That’s an interesting helmet, Tom, with a small, clean outer shell and very large field-of-view. How did it feel and perform? Did the bubble shield cause distortion? U.S. availability?

    • Buzz

      That’s a Bell. It’s a replica of the old timey Bell from way back.

      Readily available

    • http://motorcycle.com/ Tom Roderick

      The helmet is a Bell Bullitt (https://www.bellhelmets.com/powersports/helmets/bullitt-9636). I ordered it from Bell with the intention of having a cool, retro full-face helmet to wear for photos. Turns out, I really liked the helmet. For its $400 price tag, it’s comfortable enough (a little forehead pressure for me, but I’m a long oval head shape). What I thought was great is the size of the face port. It’s huge! The field of vision is as if you are wearing an open-face helmet. There was no distortion from the bubble shield. It is a little noisy. I’ll definitely be wearing it future reviews.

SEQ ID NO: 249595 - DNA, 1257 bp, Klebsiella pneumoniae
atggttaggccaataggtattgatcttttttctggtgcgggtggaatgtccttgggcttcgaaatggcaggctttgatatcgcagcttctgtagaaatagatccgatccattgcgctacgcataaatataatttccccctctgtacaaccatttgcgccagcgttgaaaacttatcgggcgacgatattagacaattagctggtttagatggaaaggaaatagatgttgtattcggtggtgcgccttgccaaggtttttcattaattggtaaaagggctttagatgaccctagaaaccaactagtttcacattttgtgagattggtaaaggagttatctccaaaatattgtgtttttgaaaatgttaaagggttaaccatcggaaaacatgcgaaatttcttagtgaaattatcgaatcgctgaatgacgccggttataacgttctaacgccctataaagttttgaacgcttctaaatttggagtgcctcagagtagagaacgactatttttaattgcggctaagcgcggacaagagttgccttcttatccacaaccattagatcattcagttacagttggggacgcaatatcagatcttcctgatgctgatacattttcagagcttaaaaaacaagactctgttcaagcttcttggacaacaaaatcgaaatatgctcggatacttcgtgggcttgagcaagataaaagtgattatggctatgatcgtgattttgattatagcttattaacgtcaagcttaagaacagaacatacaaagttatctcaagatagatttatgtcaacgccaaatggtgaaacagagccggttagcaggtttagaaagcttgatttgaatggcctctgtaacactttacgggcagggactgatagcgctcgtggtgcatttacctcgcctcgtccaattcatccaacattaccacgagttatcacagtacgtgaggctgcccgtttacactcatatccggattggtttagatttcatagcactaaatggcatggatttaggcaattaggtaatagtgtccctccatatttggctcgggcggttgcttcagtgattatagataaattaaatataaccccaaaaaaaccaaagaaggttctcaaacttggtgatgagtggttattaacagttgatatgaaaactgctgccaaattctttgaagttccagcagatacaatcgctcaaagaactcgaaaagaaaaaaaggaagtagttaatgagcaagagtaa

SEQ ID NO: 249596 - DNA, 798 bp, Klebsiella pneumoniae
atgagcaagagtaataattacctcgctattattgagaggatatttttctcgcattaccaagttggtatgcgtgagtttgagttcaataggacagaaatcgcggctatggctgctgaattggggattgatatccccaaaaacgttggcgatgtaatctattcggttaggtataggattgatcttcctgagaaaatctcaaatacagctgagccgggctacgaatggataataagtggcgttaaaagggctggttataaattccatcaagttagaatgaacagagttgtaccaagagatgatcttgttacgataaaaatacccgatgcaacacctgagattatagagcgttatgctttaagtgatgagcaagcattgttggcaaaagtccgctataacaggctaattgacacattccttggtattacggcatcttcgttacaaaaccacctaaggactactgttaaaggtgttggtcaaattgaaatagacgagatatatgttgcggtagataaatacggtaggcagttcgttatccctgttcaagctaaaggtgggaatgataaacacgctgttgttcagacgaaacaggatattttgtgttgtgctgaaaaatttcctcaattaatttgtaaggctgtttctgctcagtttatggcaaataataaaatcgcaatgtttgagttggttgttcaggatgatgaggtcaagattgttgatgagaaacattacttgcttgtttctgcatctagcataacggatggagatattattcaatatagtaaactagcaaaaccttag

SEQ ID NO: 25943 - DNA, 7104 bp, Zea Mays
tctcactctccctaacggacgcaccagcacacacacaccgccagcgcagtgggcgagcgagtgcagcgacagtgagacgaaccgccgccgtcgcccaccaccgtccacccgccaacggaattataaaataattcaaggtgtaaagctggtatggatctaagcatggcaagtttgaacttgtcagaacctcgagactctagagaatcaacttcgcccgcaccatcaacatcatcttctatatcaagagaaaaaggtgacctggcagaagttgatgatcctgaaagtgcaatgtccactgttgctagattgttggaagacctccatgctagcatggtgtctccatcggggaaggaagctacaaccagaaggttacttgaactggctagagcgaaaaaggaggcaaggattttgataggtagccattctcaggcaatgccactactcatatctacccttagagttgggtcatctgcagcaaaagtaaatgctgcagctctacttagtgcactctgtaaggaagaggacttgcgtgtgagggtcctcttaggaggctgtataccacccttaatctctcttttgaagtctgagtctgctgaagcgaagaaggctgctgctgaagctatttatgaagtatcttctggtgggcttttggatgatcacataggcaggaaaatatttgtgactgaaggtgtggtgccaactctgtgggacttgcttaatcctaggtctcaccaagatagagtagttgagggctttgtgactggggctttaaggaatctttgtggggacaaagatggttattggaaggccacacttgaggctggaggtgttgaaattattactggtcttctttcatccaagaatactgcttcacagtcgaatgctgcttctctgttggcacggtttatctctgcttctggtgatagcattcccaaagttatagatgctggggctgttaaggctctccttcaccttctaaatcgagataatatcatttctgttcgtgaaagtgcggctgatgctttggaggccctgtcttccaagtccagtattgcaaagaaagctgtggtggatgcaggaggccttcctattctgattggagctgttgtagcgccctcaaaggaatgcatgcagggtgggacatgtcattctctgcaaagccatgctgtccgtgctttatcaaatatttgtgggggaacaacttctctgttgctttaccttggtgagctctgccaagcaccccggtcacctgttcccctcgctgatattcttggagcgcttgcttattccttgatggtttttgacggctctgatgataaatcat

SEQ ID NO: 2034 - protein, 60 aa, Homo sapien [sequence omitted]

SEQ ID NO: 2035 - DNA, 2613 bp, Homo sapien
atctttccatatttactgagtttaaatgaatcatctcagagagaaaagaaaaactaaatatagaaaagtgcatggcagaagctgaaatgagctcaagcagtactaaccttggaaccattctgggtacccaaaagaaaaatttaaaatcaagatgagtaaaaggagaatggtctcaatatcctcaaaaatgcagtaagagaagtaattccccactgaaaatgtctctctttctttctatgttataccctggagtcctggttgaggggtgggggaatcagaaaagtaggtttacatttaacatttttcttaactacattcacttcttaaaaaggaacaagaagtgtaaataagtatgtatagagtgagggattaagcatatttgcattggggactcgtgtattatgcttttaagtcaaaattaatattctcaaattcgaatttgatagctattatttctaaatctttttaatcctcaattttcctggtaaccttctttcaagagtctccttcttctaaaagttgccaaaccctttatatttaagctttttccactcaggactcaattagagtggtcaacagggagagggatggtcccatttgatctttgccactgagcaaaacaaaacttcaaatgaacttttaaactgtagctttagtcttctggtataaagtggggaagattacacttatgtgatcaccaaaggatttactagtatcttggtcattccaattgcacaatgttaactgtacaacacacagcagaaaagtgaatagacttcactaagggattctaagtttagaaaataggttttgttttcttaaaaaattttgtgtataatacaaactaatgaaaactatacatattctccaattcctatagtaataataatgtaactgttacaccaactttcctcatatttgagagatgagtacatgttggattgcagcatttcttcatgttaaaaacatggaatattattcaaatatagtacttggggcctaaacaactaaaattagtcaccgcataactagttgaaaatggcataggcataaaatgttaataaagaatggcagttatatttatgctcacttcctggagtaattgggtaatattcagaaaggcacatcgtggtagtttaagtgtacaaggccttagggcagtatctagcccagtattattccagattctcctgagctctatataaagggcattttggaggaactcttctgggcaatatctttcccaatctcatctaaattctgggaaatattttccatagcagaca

• spiff

    This isn’t my kind of bike, but damn they nailed it. Your sighs are all easy to fix. Someone below showed a tank cut out solution. Someone else will come up with a better map, and by waiting until July your down payment will be larger.

  • SRMark

    I thought it would be priced a bit lower. Very nice though.

  • Old MOron

    Great review, T-rod. Thanks for the info. I really like this bike.

  • Old MOron

    Okay T-rod, now that I’ve gotten over my initial elation, I have a few follow-up questions for you.

    “…torque-assist clutch which provides two benefits: making clutch pull extremely light, and reducing the engine braking effect you’d expect of a Twin of this displacement and torque output.”